Republican presidential candidate Donald Trump may be on his way to clinching the GOP nomination, but general election polls continue to show he is not favoured to win the final prize in November. A new poll released on 25 April from Harvard's Institute of Politics showed just how poorly Trump is doing with a particular set of voters: millennials.
In a matchup against Democratic presidential frontrunner Hillary Clinton, Trump faired pretty poorly among 18- to 29-year-old voters. Among likely voters in that age range, 61% said they would vote for Clinton as opposed to 25% for Trump if the two were to face-off during a general election. Another 14% said they did not know who they would vote for.
The 36-point margin is four times the Democrat frontrunner has over Trump among all voters based on RealClearPolitics' average of hypothetical general election polls. The latest from USA Today/Suffolk University places Clinton ahead by 11 points, 50% to 39%.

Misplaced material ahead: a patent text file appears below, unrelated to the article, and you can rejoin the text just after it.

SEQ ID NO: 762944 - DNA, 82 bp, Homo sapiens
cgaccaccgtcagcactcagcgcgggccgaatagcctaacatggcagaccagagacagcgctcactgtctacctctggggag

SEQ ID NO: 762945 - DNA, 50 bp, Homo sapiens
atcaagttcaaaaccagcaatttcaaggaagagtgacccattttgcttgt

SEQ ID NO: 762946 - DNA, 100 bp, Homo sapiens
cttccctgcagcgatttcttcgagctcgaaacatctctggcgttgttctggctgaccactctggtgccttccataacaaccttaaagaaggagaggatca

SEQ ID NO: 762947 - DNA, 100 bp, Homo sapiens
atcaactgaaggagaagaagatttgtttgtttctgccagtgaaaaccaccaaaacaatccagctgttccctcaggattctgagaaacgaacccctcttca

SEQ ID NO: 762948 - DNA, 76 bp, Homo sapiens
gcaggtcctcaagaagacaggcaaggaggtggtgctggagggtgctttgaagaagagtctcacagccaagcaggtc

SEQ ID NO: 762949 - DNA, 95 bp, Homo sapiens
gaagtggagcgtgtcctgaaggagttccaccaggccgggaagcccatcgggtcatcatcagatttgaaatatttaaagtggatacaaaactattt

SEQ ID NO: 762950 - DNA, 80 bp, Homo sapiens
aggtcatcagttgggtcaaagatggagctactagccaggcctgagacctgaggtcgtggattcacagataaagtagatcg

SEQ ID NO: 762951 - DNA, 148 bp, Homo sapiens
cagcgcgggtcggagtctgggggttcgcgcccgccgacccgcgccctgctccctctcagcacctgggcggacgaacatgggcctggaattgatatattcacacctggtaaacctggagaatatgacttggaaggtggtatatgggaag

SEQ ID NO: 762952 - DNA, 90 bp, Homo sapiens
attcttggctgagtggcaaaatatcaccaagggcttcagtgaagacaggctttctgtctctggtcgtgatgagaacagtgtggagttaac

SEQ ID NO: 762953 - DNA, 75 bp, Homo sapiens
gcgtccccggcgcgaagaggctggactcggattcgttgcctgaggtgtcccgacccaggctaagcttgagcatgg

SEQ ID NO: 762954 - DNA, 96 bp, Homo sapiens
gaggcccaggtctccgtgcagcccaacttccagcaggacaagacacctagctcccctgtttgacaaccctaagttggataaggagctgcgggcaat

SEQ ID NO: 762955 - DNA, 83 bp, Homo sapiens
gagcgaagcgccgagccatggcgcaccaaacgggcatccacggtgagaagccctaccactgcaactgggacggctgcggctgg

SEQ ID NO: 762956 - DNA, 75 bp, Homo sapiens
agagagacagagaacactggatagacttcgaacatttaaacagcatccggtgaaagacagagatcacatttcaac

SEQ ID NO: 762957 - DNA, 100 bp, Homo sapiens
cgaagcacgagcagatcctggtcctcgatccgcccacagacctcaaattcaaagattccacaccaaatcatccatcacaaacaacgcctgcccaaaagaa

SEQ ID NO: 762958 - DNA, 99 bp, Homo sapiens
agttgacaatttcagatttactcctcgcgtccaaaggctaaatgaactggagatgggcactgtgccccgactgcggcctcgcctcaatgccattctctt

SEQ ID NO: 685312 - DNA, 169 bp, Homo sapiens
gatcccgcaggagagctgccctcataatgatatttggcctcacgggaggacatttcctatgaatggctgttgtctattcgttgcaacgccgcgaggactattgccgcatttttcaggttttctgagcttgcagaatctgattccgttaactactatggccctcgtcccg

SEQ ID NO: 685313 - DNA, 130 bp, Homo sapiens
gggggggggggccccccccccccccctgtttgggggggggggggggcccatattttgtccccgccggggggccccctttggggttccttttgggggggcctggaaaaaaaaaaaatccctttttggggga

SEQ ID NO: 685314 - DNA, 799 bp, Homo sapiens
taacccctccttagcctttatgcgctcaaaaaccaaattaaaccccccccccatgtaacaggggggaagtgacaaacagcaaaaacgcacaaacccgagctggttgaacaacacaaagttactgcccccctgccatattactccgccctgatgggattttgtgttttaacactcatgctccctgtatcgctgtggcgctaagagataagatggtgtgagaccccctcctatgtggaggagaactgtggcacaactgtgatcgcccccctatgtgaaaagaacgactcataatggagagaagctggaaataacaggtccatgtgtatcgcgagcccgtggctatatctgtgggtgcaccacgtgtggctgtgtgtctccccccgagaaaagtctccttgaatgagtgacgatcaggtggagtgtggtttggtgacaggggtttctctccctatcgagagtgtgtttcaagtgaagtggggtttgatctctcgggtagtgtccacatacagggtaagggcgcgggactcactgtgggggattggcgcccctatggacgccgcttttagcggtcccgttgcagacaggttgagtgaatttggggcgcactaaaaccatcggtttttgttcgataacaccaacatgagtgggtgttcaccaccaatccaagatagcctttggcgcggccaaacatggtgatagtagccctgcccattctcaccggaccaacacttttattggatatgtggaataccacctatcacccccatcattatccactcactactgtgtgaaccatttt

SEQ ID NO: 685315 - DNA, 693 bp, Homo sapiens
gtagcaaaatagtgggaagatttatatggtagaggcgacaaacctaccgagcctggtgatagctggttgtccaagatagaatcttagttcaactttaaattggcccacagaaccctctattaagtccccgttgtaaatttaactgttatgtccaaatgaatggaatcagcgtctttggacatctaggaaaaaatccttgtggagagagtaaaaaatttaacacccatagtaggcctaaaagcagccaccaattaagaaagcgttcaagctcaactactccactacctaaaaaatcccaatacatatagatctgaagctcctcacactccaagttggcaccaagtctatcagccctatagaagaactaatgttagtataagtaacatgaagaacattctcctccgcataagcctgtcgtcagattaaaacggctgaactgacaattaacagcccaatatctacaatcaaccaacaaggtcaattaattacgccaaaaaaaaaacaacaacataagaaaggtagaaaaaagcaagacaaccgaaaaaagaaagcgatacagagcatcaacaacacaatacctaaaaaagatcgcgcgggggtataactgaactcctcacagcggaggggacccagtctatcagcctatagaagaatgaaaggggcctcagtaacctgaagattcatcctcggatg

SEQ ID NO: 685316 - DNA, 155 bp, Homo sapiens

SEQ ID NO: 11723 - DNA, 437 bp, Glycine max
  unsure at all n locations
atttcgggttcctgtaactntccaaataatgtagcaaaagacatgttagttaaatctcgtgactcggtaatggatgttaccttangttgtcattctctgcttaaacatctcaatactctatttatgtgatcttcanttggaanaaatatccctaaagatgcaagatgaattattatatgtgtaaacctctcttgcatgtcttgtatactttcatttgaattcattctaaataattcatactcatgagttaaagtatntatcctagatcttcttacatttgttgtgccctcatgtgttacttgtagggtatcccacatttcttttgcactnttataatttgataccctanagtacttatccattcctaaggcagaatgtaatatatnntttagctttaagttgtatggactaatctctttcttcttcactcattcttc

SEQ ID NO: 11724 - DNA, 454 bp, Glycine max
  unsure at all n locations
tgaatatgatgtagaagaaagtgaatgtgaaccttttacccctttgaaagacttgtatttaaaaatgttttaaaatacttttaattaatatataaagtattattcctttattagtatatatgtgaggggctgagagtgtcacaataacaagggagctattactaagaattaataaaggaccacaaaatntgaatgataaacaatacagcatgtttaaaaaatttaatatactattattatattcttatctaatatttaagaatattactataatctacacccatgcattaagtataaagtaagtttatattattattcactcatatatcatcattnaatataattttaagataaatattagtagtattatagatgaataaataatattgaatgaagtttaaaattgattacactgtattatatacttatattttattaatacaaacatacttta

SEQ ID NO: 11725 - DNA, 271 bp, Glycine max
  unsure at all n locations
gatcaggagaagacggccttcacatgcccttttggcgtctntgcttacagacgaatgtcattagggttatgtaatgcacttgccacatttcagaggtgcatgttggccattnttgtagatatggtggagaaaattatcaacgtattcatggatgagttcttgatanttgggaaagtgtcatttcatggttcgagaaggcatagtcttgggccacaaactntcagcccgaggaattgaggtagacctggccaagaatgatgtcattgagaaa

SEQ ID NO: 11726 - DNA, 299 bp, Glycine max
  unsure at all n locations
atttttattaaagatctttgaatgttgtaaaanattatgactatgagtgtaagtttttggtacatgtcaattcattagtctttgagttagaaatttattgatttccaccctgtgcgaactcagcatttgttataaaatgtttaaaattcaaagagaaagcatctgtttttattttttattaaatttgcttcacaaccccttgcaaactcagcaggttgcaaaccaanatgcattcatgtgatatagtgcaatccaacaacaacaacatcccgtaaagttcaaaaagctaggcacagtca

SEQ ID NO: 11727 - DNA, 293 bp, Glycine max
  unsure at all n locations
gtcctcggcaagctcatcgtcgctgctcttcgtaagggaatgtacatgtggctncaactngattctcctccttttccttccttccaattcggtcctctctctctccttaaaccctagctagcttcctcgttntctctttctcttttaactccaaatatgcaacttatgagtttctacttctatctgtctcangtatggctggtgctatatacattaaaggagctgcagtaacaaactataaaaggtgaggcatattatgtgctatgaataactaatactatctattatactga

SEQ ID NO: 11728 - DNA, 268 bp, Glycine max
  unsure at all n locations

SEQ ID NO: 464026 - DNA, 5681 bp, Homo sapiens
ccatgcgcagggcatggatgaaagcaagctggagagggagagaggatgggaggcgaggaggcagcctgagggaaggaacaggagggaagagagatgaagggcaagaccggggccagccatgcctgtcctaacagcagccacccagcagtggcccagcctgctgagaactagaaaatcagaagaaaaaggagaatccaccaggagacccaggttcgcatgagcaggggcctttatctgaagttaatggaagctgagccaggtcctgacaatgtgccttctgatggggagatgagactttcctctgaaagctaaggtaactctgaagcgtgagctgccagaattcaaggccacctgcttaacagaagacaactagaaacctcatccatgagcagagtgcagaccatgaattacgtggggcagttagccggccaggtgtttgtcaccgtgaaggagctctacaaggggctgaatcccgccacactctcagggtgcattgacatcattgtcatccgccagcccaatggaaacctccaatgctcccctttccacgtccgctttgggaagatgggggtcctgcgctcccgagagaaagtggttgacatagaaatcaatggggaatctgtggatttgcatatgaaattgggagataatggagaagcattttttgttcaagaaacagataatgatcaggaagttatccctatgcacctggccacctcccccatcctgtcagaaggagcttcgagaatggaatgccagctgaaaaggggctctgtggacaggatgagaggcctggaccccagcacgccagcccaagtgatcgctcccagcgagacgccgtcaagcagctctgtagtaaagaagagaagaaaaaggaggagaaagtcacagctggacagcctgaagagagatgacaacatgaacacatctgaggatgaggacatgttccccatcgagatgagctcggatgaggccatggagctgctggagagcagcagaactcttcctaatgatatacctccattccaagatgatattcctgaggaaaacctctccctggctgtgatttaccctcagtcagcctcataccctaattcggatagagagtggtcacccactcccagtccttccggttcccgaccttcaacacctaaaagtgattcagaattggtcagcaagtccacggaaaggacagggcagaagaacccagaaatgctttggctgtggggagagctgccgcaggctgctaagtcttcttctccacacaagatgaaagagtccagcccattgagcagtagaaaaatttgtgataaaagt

The Harvard poll also revealed that among voters who rated fellow Democrat Bernie Sanders as "very favourably," 80% would support Clinton and only 6% would support Trump. The support is flipped for voters who rated Republican Ted Cruz as "very favourably" with Trump getting 69% support and Clinton only earning 12%. With those who rated Republican John Kasich as "very favourably," Trump and Clinton support is more equal at 42% to 30%.
The two candidates have very enthusiastic supporters, the poll found. Clinton voters are slightly more enthusiastic than Trump voters, 60% to 51%. More Trump voters, however, are unenthusiastic about their support for him at 49% compared to Clinton voters at 40%.
The two candidates will face their respective party rivals on 26 April in five states as they vie to clinch their party's nomination. Clinton and Trump appear poised to win in all five states, with varying leads in Connecticut, Delaware, Maryland, Pennsylvania and Rhode Island.